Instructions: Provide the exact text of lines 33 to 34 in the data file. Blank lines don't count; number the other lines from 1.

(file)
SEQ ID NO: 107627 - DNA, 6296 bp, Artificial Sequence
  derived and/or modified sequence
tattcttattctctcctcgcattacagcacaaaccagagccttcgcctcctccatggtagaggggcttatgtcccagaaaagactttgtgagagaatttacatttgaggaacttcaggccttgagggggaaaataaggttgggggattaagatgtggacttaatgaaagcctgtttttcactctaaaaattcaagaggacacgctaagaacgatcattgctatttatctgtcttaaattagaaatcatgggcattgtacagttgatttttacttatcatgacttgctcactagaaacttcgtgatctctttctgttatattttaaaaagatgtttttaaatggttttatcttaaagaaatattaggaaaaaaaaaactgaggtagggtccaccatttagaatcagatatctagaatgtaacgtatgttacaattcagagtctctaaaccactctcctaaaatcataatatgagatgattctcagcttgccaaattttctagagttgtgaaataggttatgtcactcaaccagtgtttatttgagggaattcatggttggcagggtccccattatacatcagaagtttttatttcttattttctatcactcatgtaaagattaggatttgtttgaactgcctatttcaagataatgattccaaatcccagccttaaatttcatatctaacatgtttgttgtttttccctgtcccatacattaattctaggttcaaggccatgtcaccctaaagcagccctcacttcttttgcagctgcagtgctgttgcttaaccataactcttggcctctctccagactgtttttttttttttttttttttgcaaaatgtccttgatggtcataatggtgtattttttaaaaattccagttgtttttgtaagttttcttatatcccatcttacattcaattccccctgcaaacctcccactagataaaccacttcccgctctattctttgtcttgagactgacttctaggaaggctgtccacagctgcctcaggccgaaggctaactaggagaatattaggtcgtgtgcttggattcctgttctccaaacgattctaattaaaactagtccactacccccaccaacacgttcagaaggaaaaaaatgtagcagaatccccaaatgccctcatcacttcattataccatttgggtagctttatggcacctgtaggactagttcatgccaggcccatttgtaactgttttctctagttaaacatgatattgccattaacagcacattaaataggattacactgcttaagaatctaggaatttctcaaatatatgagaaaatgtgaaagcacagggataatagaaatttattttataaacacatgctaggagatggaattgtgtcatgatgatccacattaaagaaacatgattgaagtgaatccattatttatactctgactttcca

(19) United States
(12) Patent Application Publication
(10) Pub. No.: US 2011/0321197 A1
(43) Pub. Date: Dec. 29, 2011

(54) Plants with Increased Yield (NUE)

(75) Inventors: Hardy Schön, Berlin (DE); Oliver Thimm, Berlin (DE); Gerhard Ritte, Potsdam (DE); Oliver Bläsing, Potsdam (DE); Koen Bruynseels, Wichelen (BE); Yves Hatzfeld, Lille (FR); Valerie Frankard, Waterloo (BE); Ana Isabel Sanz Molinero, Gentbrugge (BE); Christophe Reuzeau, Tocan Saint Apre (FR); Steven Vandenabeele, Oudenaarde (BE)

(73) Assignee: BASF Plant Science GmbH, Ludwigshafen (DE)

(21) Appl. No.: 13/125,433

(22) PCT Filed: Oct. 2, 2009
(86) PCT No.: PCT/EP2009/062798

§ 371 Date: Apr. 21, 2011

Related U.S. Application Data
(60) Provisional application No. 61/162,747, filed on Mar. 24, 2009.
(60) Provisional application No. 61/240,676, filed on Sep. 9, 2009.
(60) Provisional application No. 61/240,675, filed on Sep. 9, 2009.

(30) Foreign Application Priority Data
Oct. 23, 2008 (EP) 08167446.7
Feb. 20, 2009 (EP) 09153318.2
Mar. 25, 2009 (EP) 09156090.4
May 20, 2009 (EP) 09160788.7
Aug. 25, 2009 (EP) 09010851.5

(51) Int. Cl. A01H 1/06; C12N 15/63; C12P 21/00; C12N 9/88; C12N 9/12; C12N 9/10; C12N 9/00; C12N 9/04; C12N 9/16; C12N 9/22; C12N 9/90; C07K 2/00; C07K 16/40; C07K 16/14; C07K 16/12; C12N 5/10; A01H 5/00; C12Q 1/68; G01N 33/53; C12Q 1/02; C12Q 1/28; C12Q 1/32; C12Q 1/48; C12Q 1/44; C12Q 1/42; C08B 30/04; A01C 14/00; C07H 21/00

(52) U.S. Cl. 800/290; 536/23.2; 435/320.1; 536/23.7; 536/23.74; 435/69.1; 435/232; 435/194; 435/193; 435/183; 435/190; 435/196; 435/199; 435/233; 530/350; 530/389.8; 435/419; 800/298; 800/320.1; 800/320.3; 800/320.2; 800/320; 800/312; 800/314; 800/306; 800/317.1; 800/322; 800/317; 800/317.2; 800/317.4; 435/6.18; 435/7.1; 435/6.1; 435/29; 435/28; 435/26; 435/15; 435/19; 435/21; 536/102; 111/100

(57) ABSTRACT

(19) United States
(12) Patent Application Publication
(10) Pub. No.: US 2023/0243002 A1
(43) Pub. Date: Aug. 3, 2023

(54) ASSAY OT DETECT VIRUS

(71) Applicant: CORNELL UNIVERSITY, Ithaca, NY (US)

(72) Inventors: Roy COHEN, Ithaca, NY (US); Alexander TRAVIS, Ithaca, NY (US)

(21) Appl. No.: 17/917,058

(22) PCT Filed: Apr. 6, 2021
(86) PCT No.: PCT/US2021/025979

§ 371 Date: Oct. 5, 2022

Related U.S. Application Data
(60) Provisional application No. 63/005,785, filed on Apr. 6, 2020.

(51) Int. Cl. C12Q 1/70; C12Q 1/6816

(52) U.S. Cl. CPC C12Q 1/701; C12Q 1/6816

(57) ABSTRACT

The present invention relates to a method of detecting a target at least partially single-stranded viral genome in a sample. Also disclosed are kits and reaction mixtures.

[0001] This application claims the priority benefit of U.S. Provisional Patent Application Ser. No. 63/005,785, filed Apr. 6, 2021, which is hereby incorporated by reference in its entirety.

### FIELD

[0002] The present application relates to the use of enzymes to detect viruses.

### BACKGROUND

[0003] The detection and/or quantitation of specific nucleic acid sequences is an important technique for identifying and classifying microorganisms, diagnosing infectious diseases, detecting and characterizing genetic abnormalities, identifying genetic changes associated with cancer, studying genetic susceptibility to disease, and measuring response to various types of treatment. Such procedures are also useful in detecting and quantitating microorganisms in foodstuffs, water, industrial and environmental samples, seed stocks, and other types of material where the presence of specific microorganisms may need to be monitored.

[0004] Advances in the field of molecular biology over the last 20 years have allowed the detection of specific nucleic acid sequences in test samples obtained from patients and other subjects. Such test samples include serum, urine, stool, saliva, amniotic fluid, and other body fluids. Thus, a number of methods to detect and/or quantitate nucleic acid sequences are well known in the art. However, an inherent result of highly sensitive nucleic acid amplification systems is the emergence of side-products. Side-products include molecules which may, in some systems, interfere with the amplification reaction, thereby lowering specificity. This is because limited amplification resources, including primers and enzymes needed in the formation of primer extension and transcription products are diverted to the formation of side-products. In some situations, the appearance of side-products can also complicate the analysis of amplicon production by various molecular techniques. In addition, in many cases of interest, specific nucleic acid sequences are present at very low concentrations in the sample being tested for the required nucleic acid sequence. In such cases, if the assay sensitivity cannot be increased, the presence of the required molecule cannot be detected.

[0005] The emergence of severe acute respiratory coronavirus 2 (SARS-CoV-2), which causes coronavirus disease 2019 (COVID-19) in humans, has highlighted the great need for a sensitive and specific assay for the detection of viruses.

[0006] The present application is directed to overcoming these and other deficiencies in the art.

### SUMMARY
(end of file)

(71) Applicant: CORNELL UNIVERSITY, Ithaca, NY (US)

(72) Inventors: Roy COHEN, Ithaca, NY (US); Alexander TRAVIS, Ithaca, NY (US)